PROVINCE, Afghanistan (6/22/2011) – By the book.|
That's the way his friends in the 164th Military Police
Company, 793rd Military Police Battalion, 3rd Maneuver
Enhancement Brigade. described U.S. Army Sgt. Christopher
Bell of Saint Joseph, Mich., when they described the fallen
MP June 10 on Forward Operating Base Mehtar Lam,
Bell was one of four military police
officers from the 164th MP Company killed when an improvised
explosive device detonated June 4 outside Khanda Village,
Laghman province, Afghanistan. Also killed were
Sgt. Devin A. Snyder, of
Cohockton, N.Y., Sgt. Joshua
D. Powell, of Tyler, Texas, and Spc.
Spc. Robert L. Voakes, Jr.,
of Hancock, Mich.
“He was a walking Army regulation,” said Spc.
Victor Franco, from Tampa, Fla.
“His thing was that
as long as something was done by the book, it was done
right,” said Staff Sgt. Vincent Vetterkind, a squad leader
with the 164th MP Company from Wausau, Wis. “He looked at it
as, if the Army actually worked the way the regulations
state, it can be the greatest organization in history, and
if people don't do that, they're screwing it up. Do it the
way it says, do it the way it says.”
commander, Capt. Christopher Gehri, of Anchorage, Alaska,
said Bell was extremely tactically and technically
proficient and could recite information from field manuals
as well as Army regulations.
“From the very
beginning, Sgt. Bell demonstrated a maturity well beyond his
years,” Gehri said. “He demanded hard work, opportunities to
grow and professionally develop, and held his peers
accountable 100 percent of the time. Sgt. Bell thrived on
all things Army. Disciplined, determined problem solver and
critical thinker – these are the words and traits that will
always resound in my mind when I think of Sgt. Bell. He
never deviated from a standard.”
The soldiers in his
platoon all said his dedication was unparalleled.
“He was one of the most passionate people I ever met in my
life,” Vetterkind said. “His short-term goal was to be
promoted to sergeant, which happened posthumously and his
long-term goal was to be sergeant major of the Army, and I
have no doubt he would have done it, absolutely none. He was
a natural leader.”
He competed in 22 boards, and won
Still, with all his professionalism and his
disciplined nature, Bell did have a softer side.
liked ‘chick flicks',” Pfc. Stacey Jordan, from Belmont,
N.Y., remembered with a smile. “He used to watch them with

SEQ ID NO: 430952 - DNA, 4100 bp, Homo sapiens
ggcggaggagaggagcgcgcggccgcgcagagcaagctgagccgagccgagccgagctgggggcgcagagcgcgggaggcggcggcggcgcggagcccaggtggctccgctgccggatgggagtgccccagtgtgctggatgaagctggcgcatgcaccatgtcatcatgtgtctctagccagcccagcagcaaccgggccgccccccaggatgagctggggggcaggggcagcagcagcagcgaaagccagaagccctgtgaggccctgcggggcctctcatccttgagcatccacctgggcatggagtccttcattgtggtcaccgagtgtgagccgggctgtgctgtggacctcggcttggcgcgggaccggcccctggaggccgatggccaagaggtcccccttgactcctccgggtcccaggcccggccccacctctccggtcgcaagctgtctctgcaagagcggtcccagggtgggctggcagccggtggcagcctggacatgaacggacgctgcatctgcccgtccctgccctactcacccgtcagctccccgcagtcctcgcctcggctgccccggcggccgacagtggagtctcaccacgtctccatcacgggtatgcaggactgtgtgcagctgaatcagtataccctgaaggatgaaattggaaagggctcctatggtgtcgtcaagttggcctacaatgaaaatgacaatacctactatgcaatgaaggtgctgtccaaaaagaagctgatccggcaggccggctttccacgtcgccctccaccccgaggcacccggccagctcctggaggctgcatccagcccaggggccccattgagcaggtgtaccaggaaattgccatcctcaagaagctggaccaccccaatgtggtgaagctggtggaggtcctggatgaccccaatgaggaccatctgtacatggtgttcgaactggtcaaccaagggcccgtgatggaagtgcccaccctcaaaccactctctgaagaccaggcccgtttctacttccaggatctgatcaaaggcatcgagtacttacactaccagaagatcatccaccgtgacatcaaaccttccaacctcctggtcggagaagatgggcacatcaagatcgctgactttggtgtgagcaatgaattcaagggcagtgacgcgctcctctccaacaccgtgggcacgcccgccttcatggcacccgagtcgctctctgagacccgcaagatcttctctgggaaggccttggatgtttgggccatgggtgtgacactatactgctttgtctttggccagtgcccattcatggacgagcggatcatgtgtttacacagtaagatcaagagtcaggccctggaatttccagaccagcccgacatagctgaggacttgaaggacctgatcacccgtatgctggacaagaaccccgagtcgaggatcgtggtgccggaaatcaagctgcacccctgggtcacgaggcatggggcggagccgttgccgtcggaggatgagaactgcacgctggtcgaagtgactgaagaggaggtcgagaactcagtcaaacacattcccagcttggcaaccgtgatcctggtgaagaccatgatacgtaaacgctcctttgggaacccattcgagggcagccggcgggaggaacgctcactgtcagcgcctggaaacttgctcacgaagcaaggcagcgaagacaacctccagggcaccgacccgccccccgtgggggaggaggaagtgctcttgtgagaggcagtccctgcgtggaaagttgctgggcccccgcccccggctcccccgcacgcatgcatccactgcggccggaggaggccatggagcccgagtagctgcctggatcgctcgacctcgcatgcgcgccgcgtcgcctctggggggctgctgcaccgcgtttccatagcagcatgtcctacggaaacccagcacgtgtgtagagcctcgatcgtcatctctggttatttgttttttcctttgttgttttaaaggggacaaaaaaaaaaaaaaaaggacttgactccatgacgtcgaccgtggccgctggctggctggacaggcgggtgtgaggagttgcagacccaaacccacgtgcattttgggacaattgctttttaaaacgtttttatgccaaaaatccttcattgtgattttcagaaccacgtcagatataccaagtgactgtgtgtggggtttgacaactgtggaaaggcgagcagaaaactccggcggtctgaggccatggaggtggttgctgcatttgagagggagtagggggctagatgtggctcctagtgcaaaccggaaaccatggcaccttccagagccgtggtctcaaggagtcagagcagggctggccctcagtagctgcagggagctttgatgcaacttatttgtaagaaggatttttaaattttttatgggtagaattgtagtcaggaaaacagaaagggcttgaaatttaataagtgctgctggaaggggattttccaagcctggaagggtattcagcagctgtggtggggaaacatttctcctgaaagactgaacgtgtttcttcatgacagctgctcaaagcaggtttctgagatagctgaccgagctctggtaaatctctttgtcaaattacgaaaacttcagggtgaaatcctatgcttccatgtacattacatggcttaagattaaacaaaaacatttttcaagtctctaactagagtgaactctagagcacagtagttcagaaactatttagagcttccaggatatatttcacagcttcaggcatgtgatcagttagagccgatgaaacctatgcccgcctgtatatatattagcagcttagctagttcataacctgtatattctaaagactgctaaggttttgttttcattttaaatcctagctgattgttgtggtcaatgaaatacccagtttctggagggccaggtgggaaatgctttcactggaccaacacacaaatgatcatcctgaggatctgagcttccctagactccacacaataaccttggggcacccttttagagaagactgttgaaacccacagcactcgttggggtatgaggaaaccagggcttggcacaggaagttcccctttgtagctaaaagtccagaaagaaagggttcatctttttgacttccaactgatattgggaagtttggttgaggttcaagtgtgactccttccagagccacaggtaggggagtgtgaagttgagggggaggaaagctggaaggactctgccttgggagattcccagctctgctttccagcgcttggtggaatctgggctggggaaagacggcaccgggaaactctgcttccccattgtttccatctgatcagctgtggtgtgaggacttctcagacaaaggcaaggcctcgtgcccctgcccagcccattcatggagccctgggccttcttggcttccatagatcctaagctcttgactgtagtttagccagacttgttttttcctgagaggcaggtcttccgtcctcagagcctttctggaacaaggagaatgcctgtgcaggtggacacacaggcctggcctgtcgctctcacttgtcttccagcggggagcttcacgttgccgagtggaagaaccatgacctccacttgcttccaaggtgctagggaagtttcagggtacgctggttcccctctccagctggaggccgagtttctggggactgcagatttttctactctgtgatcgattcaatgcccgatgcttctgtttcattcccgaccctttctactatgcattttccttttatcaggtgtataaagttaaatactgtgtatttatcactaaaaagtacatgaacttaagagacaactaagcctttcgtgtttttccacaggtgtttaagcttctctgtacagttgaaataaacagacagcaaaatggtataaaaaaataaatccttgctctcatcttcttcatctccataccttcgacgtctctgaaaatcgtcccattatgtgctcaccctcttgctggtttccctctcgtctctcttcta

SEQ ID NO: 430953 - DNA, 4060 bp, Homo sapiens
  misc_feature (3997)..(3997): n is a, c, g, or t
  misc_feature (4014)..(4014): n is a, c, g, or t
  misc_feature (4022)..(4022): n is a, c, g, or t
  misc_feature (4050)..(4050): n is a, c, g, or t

me and Sgt. Snyder. He loved the movie The Notebook. He
wouldn't care if someone would tease him about them either.
He would say, ‘I don't care, they're fun, they're good
The soldiers also said he was always there
to listen to them and assist with their problems. Still,
they said, if they were wrong, he would hear them out and
tell them why they were wrong, often reciting a regulation.
Bell was born Jan. 5, 1990, in Saint Joseph, Mich., and
joined the Army in 2008. He served as a team leader, gunner,
driver and military police patrolman with the 164th. His
military awards include the Purple Heart, Bronze Star Medal,
National Defense Service Medal, Afghanistan Campaign Medal,
Global War on Terrorism Medal, Army Service Ribbon, Overseas
Service Ribbon, North Atlantic Treaty Organization Medal,
and the Combat Action Badge.
He is survived by his
wife and Lana Bell.
“Sgt. Bell spoke often of his
wife and their 1-year-old daughter, ” Gehri said. “If you
asked him about his family, he would tell you that there
could be no more perfect of a family than that he and his
wife had created.”
One thing that showed through was
the respect Bell's soldiers had for him.
was the best leader I had in my military career,” an
emotional Spc. Justin Tobener from Tracy, Calif., said in
his remarks recalling his fallen sergeant.
remember talking to Sgt. Bell for three or four hours just a
couple days before this happened,” Vetterkind recalled. “And
I remember him saying all that he wanted to do was just make
a difference. That's what he wanted to do, in ever way and
every day. This was the only thing that could stop him.”